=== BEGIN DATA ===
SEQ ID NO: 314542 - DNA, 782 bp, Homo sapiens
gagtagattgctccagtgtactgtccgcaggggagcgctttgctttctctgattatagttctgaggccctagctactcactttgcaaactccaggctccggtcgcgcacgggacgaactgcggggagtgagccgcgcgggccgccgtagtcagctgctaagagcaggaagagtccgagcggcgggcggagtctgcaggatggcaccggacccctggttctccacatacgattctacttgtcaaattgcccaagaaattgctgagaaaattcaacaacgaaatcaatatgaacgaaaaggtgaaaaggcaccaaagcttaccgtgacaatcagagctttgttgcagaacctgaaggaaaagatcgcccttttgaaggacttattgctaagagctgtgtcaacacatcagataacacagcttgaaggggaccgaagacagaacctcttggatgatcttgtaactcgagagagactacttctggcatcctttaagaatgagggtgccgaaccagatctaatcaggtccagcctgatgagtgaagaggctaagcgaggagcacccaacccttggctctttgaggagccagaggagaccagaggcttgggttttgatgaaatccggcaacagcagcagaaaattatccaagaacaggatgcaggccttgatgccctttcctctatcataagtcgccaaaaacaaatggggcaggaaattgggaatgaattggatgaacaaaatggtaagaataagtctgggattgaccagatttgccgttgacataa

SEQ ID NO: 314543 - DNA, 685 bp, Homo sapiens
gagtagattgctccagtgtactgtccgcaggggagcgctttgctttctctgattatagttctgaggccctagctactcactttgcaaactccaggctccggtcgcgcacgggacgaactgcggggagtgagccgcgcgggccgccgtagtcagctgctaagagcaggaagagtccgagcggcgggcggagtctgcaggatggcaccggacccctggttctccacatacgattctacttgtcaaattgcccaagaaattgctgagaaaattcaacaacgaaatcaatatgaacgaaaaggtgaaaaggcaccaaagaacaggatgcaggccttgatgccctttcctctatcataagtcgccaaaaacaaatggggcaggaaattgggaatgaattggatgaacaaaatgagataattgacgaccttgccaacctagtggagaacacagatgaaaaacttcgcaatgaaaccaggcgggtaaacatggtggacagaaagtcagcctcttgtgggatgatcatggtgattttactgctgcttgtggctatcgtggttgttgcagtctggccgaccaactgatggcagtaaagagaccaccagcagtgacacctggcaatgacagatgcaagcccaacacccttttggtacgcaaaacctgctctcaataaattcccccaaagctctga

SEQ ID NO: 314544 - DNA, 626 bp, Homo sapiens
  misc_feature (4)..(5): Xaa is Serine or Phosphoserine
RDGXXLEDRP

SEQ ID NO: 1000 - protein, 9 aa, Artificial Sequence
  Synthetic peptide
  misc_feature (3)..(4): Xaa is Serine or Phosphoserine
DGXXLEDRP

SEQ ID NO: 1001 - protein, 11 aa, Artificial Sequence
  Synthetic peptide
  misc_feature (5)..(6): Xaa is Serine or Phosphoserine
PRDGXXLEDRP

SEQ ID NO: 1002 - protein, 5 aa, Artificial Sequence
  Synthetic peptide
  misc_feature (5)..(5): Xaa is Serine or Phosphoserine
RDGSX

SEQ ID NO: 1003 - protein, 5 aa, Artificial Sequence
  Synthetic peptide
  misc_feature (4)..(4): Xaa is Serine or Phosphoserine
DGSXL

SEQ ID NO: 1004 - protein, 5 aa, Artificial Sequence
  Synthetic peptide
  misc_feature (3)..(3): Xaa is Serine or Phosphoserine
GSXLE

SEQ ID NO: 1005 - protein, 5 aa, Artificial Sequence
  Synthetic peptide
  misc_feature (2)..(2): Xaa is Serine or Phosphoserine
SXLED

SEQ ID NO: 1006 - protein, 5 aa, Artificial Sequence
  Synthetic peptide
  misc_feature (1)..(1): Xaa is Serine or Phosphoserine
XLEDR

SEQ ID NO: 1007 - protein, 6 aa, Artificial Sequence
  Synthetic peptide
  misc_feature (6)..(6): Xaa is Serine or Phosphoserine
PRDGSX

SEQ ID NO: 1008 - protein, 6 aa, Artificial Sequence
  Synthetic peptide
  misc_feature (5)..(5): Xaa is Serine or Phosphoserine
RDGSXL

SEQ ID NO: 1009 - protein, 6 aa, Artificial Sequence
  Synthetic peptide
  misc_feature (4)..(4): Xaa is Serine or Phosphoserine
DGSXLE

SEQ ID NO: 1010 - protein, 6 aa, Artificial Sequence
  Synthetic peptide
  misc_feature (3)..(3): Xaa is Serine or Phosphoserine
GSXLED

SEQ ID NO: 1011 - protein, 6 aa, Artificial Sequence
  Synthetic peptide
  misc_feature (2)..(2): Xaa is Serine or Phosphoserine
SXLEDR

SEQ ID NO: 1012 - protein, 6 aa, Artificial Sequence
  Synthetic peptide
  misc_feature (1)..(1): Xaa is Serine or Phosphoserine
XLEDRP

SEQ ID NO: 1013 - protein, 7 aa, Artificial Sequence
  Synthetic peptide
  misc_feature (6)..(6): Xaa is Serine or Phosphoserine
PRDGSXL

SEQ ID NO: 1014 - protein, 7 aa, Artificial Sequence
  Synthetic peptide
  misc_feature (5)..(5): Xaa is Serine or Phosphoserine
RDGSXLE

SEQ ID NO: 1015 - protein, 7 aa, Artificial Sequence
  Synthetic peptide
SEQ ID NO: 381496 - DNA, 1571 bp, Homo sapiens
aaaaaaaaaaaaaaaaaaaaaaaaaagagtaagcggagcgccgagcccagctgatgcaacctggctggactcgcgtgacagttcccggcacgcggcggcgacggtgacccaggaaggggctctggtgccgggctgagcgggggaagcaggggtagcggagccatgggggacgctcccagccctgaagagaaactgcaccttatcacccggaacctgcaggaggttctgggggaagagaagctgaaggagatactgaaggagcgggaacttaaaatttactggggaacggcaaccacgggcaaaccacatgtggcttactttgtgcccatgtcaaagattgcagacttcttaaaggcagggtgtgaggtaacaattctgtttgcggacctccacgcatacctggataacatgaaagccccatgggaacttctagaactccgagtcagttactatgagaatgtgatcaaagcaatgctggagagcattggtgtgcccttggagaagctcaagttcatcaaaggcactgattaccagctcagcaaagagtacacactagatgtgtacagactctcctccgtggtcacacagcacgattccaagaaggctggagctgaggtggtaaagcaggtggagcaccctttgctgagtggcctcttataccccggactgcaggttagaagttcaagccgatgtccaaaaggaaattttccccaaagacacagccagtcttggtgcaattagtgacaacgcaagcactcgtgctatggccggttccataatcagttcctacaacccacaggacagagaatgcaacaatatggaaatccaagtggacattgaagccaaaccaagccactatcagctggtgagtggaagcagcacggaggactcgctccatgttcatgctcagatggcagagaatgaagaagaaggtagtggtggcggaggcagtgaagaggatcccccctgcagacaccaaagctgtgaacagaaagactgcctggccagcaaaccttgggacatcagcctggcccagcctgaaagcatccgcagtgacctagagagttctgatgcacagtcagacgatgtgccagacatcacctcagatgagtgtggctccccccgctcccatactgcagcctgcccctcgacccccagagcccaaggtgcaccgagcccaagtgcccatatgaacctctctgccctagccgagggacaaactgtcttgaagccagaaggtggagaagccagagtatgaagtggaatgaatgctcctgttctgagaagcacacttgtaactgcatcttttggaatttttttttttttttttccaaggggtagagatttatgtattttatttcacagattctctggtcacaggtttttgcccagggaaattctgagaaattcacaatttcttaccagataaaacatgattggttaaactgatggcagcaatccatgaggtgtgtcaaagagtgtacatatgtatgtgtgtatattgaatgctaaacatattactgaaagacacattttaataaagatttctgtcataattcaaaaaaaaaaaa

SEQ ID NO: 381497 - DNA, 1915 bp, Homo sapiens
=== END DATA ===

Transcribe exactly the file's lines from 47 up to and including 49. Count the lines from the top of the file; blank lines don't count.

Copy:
DGSXLE

SEQ ID NO: 1010 - protein, 6 aa, Artificial Sequence
  Synthetic peptide